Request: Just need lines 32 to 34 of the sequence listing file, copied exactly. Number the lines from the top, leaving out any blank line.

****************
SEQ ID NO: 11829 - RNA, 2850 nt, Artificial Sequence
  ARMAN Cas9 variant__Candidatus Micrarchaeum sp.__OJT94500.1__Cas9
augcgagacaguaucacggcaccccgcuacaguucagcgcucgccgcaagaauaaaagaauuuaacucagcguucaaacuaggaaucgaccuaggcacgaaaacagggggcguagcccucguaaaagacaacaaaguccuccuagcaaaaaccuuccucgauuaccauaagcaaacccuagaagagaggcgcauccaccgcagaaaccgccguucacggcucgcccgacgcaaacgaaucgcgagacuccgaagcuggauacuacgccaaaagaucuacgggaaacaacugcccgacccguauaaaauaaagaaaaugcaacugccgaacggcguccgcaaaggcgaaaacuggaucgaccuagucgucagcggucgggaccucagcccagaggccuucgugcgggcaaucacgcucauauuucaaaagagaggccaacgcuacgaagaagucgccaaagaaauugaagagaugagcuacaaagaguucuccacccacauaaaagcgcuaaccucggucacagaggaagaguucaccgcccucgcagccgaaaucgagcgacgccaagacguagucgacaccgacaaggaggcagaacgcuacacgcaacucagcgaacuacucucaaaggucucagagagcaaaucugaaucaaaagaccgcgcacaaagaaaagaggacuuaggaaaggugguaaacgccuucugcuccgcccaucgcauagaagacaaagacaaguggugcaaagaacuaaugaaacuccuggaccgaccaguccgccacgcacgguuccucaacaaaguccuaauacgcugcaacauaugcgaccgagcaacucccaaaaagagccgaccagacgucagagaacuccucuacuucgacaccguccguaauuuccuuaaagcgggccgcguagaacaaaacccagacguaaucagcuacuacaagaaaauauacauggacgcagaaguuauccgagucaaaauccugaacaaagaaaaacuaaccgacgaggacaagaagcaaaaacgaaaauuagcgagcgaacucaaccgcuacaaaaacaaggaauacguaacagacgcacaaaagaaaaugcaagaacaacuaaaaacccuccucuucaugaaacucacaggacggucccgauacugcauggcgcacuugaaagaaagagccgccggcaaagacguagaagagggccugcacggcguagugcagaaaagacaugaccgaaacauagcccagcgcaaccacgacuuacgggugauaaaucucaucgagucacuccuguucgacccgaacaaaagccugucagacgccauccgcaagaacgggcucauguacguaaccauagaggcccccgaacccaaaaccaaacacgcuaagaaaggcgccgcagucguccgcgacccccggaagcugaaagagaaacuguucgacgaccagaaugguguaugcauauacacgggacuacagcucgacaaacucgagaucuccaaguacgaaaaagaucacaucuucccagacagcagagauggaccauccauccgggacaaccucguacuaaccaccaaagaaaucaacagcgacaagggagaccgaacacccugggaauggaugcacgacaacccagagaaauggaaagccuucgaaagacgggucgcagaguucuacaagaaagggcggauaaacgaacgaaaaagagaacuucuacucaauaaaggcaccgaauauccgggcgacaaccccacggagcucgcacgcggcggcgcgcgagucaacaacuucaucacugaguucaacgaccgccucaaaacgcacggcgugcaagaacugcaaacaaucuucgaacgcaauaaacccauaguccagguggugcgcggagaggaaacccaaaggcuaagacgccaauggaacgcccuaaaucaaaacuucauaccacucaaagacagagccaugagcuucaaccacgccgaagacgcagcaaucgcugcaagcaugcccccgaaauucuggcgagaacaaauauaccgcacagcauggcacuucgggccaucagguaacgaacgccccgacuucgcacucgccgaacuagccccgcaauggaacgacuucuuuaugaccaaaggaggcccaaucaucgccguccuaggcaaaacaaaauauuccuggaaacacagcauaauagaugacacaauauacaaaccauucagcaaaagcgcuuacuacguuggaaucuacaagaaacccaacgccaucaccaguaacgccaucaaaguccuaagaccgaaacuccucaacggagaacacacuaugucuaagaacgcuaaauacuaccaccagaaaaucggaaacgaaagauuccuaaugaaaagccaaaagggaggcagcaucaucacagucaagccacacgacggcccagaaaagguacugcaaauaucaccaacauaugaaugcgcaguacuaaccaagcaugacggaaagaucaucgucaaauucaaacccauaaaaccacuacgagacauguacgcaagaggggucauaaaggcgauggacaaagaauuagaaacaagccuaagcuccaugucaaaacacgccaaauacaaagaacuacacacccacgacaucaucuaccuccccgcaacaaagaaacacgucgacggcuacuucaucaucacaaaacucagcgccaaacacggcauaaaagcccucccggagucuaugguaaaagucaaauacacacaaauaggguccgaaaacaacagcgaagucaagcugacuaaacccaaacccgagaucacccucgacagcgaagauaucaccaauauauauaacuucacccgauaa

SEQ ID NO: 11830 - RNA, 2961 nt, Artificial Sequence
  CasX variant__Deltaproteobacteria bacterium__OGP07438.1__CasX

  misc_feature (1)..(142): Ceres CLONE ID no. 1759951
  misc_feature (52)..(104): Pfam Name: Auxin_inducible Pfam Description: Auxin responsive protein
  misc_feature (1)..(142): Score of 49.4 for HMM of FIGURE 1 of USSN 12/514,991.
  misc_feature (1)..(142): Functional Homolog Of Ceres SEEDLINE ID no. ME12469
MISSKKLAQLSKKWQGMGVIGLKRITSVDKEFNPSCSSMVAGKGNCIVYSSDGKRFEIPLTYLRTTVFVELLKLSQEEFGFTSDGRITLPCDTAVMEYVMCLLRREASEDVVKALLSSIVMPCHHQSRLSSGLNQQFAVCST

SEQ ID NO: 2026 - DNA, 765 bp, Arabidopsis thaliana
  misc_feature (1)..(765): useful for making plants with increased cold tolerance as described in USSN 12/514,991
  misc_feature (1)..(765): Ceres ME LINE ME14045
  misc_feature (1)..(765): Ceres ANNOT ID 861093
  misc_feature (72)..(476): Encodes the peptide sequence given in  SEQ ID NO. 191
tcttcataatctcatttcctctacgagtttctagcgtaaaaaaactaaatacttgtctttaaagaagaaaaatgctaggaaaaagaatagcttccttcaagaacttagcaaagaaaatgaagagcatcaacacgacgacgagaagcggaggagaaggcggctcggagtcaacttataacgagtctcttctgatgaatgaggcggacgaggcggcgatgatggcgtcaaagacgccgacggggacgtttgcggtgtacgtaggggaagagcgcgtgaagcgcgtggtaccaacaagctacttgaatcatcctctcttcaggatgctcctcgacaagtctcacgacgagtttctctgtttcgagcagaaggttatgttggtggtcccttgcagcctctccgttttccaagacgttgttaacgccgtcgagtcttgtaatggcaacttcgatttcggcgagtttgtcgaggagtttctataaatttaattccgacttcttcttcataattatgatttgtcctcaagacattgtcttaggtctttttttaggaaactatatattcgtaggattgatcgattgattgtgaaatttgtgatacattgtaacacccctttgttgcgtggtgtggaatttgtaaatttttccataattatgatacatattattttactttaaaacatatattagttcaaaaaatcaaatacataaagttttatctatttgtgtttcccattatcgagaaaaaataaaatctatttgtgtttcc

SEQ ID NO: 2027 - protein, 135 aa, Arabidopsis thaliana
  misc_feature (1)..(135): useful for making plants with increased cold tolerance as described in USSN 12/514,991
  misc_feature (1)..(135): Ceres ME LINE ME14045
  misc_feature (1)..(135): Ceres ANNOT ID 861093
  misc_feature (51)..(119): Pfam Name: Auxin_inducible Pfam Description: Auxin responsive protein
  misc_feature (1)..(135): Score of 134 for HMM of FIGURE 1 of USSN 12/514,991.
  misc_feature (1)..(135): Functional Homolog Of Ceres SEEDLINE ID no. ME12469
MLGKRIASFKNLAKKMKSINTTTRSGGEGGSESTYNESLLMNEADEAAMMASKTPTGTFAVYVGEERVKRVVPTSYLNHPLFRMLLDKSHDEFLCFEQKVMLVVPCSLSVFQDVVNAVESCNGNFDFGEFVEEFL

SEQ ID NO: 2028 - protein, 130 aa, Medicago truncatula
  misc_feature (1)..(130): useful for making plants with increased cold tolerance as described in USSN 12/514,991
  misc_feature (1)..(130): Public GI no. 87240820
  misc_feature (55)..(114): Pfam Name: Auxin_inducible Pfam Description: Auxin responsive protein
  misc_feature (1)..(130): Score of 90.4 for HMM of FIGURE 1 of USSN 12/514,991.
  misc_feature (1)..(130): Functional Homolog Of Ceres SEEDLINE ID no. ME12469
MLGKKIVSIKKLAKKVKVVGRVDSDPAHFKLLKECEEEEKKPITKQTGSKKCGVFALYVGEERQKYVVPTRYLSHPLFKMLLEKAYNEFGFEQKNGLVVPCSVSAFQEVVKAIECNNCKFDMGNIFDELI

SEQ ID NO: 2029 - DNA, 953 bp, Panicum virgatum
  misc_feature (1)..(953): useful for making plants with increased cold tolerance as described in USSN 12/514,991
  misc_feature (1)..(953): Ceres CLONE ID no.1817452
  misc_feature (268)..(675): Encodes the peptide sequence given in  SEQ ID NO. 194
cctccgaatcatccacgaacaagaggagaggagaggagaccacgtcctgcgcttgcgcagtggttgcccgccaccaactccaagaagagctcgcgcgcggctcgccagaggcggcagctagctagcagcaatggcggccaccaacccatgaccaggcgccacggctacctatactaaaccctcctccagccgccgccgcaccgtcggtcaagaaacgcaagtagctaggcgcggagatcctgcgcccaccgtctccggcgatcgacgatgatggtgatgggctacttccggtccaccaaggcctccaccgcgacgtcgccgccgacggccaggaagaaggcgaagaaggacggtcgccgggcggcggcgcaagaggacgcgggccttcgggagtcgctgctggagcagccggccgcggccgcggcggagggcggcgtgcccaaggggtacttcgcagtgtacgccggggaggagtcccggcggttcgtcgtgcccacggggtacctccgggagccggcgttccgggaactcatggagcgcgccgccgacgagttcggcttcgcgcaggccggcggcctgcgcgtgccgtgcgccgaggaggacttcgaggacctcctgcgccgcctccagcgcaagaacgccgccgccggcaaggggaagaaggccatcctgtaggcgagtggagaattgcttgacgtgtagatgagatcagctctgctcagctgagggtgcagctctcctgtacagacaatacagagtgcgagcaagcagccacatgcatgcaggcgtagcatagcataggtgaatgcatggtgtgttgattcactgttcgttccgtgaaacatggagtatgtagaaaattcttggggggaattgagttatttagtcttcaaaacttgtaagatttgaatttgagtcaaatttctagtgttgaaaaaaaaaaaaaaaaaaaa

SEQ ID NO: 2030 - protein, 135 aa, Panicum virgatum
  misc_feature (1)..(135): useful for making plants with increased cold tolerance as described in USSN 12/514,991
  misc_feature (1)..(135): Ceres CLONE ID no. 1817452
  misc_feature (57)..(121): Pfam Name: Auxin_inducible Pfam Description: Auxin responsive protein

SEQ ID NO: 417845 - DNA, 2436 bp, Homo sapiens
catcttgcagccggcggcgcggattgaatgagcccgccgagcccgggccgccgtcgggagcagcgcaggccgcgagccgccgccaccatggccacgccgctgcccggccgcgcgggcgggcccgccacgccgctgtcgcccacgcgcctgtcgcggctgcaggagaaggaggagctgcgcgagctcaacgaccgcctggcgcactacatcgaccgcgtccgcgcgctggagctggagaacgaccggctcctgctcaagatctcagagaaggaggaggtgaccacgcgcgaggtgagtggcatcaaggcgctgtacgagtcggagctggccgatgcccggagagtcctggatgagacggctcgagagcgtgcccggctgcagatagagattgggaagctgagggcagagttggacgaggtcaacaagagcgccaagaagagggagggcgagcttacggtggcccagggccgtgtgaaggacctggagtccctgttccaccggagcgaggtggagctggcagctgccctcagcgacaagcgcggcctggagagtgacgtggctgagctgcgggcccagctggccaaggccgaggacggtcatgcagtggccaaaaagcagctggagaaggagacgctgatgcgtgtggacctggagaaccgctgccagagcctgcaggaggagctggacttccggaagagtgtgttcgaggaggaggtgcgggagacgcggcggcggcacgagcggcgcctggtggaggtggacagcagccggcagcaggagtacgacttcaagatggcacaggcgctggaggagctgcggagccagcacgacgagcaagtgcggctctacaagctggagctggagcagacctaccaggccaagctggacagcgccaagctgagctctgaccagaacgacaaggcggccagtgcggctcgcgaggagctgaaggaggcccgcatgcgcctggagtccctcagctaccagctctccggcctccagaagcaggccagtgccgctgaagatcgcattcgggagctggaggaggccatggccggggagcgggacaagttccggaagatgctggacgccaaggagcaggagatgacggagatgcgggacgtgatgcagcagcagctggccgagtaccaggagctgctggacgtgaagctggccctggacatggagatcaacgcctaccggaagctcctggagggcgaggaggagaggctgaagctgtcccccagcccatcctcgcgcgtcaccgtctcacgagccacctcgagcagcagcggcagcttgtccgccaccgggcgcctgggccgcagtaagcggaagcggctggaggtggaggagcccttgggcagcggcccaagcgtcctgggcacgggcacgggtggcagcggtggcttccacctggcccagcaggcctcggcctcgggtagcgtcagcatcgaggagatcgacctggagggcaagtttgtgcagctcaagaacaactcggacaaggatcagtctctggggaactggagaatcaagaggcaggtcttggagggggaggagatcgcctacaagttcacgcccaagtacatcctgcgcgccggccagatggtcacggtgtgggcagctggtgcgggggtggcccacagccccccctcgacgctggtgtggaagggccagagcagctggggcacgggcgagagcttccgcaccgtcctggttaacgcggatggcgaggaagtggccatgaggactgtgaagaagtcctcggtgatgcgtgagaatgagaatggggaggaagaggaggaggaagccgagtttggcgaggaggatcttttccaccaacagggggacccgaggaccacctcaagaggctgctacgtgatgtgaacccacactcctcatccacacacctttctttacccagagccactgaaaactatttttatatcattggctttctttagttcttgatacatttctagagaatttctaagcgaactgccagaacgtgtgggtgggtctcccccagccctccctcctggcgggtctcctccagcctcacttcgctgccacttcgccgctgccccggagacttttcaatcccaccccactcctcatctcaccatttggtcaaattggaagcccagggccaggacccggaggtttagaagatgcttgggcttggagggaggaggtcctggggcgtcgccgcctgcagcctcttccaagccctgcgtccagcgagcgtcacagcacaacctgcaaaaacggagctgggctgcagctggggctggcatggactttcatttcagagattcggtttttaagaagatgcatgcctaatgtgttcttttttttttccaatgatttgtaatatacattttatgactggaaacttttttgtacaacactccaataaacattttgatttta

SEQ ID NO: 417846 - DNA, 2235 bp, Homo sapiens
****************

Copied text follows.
SEQ ID NO: 2029 - DNA, 953 bp, Panicum virgatum
  misc_feature (1)..(953): useful for making plants with increased cold tolerance as described in USSN 12/514,991
  misc_feature (1)..(953): Ceres CLONE ID no.1817452